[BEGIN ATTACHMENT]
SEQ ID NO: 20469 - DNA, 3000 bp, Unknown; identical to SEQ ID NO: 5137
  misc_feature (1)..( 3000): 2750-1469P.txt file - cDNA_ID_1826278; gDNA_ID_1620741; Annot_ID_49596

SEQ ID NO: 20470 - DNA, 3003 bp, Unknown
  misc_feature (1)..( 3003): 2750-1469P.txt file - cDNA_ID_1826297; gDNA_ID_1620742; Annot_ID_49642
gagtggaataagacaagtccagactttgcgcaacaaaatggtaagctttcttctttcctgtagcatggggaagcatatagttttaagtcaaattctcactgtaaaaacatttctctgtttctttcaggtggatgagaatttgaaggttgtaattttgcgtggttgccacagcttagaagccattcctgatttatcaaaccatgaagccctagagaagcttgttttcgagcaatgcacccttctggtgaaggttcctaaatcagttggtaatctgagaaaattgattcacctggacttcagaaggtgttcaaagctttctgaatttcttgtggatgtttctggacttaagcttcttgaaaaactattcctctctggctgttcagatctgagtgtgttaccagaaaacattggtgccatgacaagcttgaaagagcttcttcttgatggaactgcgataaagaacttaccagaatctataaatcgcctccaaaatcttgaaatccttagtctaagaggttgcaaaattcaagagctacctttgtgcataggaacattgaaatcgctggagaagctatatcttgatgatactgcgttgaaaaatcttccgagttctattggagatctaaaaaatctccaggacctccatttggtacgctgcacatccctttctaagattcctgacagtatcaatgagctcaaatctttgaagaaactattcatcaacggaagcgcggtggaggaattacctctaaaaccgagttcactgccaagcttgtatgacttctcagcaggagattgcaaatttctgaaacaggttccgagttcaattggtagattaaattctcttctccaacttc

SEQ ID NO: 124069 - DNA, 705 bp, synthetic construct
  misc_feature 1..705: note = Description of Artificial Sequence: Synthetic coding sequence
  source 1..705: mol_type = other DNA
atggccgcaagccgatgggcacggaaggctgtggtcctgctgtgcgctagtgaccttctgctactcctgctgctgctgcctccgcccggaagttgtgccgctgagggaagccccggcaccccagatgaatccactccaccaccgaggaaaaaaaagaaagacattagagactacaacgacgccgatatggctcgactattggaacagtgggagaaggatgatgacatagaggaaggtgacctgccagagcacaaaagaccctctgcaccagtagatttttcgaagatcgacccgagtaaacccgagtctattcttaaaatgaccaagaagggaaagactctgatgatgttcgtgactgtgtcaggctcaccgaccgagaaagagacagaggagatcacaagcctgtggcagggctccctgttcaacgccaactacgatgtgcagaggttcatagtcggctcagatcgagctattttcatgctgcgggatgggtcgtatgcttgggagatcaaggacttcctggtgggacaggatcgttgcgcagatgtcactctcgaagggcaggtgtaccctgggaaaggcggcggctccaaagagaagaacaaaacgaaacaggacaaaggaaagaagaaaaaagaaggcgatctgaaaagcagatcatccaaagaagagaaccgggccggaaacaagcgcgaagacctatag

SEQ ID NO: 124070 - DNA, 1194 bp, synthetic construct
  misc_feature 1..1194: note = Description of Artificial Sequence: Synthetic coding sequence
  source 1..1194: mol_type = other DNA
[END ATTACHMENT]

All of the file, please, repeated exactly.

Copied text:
SEQ ID NO: 20469 - DNA, 3000 bp, Unknown; identical to SEQ ID NO: 5137
  misc_feature (1)..( 3000): 2750-1469P.txt file - cDNA_ID_1826278; gDNA_ID_1620741; Annot_ID_49596

SEQ ID NO: 20470 - DNA, 3003 bp, Unknown
  misc_feature (1)..( 3003): 2750-1469P.txt file - cDNA_ID_1826297; gDNA_ID_1620742; Annot_ID_49642
gagtggaataagacaagtccagactttgcgcaacaaaatggtaagctttcttctttcctgtagcatggggaagcatatagttttaagtcaaattctcactgtaaaaacatttctctgtttctttcaggtggatgagaatttgaaggttgtaattttgcgtggttgccacagcttagaagccattcctgatttatcaaaccatgaagccctagagaagcttgttttcgagcaatgcacccttctggtgaaggttcctaaatcagttggtaatctgagaaaattgattcacctggacttcagaaggtgttcaaagctttctgaatttcttgtggatgtttctggacttaagcttcttgaaaaactattcctctctggctgttcagatctgagtgtgttaccagaaaacattggtgccatgacaagcttgaaagagcttcttcttgatggaactgcgataaagaacttaccagaatctataaatcgcctccaaaatcttgaaatccttagtctaagaggttgcaaaattcaagagctacctttgtgcataggaacattgaaatcgctggagaagctatatcttgatgatactgcgttgaaaaatcttccgagttctattggagatctaaaaaatctccaggacctccatttggtacgctgcacatccctttctaagattcctgacagtatcaatgagctcaaatctttgaagaaactattcatcaacggaagcgcggtggaggaattacctctaaaaccgagttcactgccaagcttgtatgacttctcagcaggagattgcaaatttctgaaacaggttccgagttcaattggtagattaaattctcttctccaacttc

SEQ ID NO: 124069 - DNA, 705 bp, synthetic construct
  misc_feature 1..705: note = Description of Artificial Sequence: Synthetic coding sequence
  source 1..705: mol_type = other DNA
atggccgcaagccgatgggcacggaaggctgtggtcctgctgtgcgctagtgaccttctgctactcctgctgctgctgcctccgcccggaagttgtgccgctgagggaagccccggcaccccagatgaatccactccaccaccgaggaaaaaaaagaaagacattagagactacaacgacgccgatatggctcgactattggaacagtgggagaaggatgatgacatagaggaaggtgacctgccagagcacaaaagaccctctgcaccagtagatttttcgaagatcgacccgagtaaacccgagtctattcttaaaatgaccaagaagggaaagactctgatgatgttcgtgactgtgtcaggctcaccgaccgagaaagagacagaggagatcacaagcctgtggcagggctccctgttcaacgccaactacgatgtgcagaggttcatagtcggctcagatcgagctattttcatgctgcgggatgggtcgtatgcttgggagatcaaggacttcctggtgggacaggatcgttgcgcagatgtcactctcgaagggcaggtgtaccctgggaaaggcggcggctccaaagagaagaacaaaacgaaacaggacaaaggaaagaagaaaaaagaaggcgatctgaaaagcagatcatccaaagaagagaaccgggccggaaacaagcgcgaagacctatag

SEQ ID NO: 124070 - DNA, 1194 bp, synthetic construct
  misc_feature 1..1194: note = Description of Artificial Sequence: Synthetic coding sequence
  source 1..1194: mol_type = other DNA